Public and private school administrators throughout New Jersey have instituted online or remote learning to educate students during the coronavirus pandemic over the past couple of weeks.
For how the Hillsborough Township Public Schools have been handling online learning, Superintendent of Schools Lisa Antunes said the district has been doing really well with the transformation to online learning and has seen students, teachers and parents come together to help make the process better for everyone one.
“There is so much going well with remote learning,” Antunes said. “Students, parents and staff have embraced the flexible learning plan and their collective efforts have enabled the district to ensure that students continue to learn and grow throughout this crisis.”
Online learning platforms such as Google Classroom and Google Meet have been forms of contact that students and teachers have been using to stay connected and conduct class, Antunes said.
Google Classroom is the primary platform teachers are using to conduct classes and to post work material.
Google Meet and other video conferencing platforms are being used by students and teachers to meet together virtually and for teachers to create video lesson plans for students.
Teachers who have their own webpage in the Genesis Portal on the district’s website will also use that platform as a way to post assignments and materials, just as they would if remote learning was not in place.
Students and teachers generally meet from 8 a.m. to noon each day during their regularly scheduled classes.
As a part of the district’s flexible learning plan, Antunes said students have the choice to virtually attend classes when they are scheduled to meet or learn in an asynchronous manner throughout the day.
In the afternoon, teachers generally will meet with each other virtually to plan out their course schedule for the next day.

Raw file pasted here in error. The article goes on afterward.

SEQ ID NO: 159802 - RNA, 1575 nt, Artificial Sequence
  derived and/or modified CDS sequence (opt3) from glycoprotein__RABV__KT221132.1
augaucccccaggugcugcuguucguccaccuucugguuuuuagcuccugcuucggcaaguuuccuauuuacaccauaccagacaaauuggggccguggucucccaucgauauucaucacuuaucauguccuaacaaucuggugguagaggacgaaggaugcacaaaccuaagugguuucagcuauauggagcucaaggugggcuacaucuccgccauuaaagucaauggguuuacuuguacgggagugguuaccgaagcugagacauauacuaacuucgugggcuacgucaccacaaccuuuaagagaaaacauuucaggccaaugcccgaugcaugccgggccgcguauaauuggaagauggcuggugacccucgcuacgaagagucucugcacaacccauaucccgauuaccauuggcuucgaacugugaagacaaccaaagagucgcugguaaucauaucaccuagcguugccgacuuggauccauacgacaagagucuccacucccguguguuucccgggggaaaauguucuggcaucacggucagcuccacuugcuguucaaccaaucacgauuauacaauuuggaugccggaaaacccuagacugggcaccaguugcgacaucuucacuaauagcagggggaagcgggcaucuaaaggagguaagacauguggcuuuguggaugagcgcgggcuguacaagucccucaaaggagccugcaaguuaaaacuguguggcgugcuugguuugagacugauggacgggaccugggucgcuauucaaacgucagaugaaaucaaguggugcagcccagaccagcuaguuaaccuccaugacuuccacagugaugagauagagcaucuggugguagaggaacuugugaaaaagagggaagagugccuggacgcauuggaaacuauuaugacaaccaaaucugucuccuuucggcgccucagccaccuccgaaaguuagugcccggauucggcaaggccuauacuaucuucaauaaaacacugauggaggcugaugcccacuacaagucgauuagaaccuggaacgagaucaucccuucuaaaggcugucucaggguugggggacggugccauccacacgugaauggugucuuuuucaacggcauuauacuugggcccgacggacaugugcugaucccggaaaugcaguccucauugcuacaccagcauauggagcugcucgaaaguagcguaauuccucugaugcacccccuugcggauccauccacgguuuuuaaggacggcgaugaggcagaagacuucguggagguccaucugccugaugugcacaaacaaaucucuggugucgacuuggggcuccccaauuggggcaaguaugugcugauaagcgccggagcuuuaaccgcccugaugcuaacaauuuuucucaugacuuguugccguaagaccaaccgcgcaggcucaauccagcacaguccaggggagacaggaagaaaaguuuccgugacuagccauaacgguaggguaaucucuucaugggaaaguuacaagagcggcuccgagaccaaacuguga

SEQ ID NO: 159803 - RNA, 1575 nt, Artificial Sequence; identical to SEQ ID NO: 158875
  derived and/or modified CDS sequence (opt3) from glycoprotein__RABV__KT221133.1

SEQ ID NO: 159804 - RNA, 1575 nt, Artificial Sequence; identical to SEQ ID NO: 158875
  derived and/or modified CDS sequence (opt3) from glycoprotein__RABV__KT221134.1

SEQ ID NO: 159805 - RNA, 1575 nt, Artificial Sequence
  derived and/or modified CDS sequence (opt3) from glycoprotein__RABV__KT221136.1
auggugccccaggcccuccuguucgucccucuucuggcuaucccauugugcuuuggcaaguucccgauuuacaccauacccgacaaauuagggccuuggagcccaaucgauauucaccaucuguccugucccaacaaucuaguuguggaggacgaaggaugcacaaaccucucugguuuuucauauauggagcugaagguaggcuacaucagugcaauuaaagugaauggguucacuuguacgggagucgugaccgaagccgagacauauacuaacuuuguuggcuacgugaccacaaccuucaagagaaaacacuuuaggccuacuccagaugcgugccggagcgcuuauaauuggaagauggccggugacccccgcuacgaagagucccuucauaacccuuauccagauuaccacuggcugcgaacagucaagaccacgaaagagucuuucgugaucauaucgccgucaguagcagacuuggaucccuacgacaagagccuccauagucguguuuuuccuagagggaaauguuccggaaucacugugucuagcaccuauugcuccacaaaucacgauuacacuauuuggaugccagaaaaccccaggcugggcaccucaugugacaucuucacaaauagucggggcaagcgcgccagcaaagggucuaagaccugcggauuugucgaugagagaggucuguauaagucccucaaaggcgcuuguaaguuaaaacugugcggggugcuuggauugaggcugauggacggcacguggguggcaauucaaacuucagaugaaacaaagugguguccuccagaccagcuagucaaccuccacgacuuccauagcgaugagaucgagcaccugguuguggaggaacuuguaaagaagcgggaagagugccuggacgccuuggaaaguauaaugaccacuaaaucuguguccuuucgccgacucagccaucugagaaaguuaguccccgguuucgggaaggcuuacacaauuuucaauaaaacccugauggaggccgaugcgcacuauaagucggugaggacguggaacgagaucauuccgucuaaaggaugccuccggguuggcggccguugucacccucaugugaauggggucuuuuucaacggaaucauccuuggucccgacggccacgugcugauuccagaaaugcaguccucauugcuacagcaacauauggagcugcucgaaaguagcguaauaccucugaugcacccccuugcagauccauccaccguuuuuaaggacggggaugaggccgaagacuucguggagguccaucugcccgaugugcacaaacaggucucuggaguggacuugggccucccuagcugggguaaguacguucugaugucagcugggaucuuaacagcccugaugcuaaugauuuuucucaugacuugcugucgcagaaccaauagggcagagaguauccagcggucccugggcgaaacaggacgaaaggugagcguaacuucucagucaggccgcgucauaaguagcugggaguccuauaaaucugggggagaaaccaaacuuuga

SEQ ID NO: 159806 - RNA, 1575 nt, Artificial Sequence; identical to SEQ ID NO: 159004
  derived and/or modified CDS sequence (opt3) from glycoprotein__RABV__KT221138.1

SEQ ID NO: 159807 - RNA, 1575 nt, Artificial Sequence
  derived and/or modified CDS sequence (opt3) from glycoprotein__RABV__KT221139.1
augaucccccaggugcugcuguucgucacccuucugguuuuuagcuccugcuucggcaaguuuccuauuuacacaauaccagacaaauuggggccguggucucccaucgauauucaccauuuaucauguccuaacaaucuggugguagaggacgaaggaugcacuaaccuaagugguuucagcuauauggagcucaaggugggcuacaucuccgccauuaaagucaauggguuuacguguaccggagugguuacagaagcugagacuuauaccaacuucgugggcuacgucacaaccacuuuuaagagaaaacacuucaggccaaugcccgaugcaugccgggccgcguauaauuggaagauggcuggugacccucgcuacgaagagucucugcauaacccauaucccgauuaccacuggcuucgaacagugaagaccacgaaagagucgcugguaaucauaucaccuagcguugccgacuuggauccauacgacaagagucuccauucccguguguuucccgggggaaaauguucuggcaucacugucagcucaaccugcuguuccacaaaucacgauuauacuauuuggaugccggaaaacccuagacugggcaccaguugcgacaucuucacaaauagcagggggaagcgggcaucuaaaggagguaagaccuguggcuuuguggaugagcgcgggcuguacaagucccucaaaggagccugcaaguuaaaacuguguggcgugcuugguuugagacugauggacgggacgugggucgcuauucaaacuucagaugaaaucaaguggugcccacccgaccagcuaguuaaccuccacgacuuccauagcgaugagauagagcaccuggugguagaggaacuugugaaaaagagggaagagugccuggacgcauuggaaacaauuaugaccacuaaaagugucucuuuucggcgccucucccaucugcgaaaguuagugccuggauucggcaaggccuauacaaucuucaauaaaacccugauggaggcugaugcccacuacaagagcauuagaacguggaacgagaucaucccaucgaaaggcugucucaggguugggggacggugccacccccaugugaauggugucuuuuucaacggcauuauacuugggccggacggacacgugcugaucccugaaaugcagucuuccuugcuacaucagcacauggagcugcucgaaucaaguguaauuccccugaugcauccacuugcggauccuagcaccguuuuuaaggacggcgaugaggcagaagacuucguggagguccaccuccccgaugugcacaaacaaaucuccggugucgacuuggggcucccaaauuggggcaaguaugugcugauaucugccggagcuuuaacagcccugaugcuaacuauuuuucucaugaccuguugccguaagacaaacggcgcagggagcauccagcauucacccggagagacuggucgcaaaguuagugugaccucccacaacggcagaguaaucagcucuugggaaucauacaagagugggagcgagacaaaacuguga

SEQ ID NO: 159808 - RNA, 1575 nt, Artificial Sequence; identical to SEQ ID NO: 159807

Because of the flexibility that is associated with online learning, many teachers have begun sharing workloads and resources to help create better lesson plans for their students.
Teachers will give continuous feedback to students about how they are doing with online learning, Antunes said.
For safety reasons, only full-time teachers have access to communicate and educate students for online learning, according to district administrators.
Antunes said administrators are encouraging parents to maintain a regular and consistent
schedule for their children and to adjust expectations for learning and working from home.
So far, the biggest challenge with online learning has been meeting the needs of the younger students, Antunes said, but the superintendent said she is pleased with the efforts of the staff.
“Ensuring we have access to meet the learning needs of the younger students has proven to be a challenge, but we are very proud of the dedicated efforts of the staff,” she said. “We also want to be sure our staff has the tools they need to move forward in a productive manner.”
Antunes said administrators will continue to monitor the online learning program as all schools remain closed during the COVID-19 pandemic.